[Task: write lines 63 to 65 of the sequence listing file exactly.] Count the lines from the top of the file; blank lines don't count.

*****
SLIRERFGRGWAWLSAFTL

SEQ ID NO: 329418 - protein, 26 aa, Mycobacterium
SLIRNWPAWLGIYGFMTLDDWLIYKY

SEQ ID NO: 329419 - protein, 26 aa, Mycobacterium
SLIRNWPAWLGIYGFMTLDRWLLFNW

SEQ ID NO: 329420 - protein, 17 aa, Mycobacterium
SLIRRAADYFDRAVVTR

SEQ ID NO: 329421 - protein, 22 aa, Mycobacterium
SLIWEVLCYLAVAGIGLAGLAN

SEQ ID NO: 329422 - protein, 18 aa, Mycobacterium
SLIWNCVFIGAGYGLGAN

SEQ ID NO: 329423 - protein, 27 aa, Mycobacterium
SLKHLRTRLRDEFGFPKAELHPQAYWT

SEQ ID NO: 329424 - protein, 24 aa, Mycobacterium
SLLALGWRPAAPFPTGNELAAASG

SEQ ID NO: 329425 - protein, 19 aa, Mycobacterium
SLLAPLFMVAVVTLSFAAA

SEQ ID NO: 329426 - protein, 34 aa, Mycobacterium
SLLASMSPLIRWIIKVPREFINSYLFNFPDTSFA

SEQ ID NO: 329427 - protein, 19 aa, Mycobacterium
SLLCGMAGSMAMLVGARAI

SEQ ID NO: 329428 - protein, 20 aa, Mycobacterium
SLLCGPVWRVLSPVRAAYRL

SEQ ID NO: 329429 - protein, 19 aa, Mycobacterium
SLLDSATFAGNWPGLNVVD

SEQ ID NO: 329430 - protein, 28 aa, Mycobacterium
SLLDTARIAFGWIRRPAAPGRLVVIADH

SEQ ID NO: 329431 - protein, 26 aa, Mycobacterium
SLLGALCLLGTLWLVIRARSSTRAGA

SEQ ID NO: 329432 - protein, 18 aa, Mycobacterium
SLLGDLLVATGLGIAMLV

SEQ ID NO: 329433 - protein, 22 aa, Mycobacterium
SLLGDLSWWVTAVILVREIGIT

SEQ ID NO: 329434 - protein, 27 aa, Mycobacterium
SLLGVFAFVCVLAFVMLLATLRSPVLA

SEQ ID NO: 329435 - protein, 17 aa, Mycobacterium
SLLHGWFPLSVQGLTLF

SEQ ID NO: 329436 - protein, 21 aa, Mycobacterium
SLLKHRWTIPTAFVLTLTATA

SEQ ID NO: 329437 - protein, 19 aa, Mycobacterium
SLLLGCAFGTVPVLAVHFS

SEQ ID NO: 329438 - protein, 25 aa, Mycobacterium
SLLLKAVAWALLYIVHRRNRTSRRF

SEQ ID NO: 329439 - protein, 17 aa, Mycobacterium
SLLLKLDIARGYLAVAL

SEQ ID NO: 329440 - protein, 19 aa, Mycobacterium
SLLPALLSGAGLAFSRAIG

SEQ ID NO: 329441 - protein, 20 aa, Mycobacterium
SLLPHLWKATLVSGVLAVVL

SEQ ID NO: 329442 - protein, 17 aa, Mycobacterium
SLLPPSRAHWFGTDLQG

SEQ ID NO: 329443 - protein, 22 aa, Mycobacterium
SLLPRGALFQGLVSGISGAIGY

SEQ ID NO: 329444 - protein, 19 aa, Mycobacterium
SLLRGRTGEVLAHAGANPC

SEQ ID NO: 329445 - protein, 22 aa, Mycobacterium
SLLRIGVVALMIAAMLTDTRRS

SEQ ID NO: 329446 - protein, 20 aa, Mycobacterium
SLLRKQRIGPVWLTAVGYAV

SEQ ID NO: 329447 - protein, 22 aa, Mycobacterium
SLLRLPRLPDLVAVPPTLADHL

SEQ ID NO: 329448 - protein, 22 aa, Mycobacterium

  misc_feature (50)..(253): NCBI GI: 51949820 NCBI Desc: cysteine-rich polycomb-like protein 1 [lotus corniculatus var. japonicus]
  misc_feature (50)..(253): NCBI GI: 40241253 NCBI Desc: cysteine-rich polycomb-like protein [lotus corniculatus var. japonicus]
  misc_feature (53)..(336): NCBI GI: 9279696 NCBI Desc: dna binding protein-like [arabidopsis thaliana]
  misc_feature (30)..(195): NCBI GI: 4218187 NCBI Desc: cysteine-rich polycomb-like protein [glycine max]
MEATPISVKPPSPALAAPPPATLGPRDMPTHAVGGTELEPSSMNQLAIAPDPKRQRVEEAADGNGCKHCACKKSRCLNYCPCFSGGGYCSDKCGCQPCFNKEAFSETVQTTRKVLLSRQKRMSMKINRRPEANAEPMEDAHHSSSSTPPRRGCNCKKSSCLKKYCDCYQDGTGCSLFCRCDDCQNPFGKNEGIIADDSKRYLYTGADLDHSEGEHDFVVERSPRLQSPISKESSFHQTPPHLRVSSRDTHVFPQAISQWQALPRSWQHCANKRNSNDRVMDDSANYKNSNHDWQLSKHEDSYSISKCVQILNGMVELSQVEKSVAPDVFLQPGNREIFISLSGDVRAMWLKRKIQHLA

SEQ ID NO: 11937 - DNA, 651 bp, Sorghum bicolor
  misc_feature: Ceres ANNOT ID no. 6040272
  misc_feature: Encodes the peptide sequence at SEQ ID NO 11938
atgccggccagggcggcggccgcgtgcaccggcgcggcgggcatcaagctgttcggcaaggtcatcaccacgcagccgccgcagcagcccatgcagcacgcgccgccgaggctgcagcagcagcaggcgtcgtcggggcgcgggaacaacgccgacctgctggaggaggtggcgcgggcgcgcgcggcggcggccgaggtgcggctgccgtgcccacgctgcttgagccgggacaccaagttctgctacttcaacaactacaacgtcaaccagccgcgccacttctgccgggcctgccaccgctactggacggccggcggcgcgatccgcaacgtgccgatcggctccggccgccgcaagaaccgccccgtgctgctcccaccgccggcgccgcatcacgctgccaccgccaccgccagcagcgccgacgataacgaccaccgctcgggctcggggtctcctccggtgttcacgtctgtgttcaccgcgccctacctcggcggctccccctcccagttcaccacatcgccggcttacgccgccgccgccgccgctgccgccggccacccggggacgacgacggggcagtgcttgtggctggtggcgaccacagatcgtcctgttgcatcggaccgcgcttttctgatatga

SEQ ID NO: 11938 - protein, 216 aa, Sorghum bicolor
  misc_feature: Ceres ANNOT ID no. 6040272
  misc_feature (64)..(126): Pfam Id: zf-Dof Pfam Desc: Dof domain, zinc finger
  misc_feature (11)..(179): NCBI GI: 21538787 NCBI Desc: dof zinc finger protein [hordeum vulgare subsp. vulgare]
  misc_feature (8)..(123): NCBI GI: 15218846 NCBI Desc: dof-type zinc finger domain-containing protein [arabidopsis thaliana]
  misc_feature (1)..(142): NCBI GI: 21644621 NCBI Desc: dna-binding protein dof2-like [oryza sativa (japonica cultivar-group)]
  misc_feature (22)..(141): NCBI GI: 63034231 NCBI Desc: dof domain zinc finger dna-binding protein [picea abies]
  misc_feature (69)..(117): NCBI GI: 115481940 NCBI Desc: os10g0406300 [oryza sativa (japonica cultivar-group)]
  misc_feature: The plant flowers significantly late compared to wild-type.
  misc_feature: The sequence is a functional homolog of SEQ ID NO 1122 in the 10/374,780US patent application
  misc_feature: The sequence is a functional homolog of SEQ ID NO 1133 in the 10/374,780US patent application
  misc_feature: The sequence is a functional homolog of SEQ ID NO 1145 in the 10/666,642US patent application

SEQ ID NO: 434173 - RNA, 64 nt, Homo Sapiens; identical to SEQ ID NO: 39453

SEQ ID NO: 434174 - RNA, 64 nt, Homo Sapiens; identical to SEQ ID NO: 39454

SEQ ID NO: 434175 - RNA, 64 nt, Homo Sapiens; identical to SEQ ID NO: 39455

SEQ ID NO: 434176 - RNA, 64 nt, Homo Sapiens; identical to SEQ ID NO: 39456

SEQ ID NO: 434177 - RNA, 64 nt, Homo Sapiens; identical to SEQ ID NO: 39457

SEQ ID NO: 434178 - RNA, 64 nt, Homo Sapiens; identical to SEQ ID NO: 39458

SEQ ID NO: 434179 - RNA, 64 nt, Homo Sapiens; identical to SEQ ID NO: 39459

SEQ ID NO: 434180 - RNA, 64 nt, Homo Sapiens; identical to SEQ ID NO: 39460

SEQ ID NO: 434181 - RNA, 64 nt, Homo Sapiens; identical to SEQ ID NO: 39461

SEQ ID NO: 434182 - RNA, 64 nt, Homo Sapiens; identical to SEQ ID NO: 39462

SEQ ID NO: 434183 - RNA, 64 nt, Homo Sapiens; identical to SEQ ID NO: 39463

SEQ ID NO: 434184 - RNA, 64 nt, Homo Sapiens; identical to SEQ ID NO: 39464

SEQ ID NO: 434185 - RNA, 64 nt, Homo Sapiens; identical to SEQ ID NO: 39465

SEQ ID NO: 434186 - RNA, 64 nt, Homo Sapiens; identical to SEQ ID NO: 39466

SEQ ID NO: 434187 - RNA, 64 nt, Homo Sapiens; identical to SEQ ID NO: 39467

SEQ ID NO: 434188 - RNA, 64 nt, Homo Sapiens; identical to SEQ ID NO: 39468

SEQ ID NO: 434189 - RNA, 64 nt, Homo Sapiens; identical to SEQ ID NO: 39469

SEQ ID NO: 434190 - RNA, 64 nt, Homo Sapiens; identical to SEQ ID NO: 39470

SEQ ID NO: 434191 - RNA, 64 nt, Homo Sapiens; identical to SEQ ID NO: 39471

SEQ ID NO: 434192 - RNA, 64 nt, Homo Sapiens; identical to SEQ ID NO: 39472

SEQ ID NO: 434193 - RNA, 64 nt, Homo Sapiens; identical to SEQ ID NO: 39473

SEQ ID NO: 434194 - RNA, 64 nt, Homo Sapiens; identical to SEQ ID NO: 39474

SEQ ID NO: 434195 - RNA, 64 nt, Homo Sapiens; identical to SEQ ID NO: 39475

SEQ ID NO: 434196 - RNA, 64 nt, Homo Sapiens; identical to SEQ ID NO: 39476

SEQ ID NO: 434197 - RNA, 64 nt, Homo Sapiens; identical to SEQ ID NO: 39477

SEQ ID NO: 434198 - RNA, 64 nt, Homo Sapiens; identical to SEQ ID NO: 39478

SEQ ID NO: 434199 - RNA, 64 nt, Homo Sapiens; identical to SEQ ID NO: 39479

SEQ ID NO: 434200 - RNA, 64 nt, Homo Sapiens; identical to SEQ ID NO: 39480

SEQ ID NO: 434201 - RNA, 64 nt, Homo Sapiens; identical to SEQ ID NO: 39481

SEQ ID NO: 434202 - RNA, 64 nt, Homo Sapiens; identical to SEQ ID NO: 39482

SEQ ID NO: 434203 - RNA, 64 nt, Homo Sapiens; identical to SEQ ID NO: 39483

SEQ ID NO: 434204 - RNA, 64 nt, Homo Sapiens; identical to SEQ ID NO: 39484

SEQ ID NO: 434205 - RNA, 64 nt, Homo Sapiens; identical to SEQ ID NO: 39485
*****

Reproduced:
  misc_feature (50)..(253): NCBI GI: 51949820 NCBI Desc: cysteine-rich polycomb-like protein 1 [lotus corniculatus var. japonicus]
  misc_feature (50)..(253): NCBI GI: 40241253 NCBI Desc: cysteine-rich polycomb-like protein [lotus corniculatus var. japonicus]
  misc_feature (53)..(336): NCBI GI: 9279696 NCBI Desc: dna binding protein-like [arabidopsis thaliana]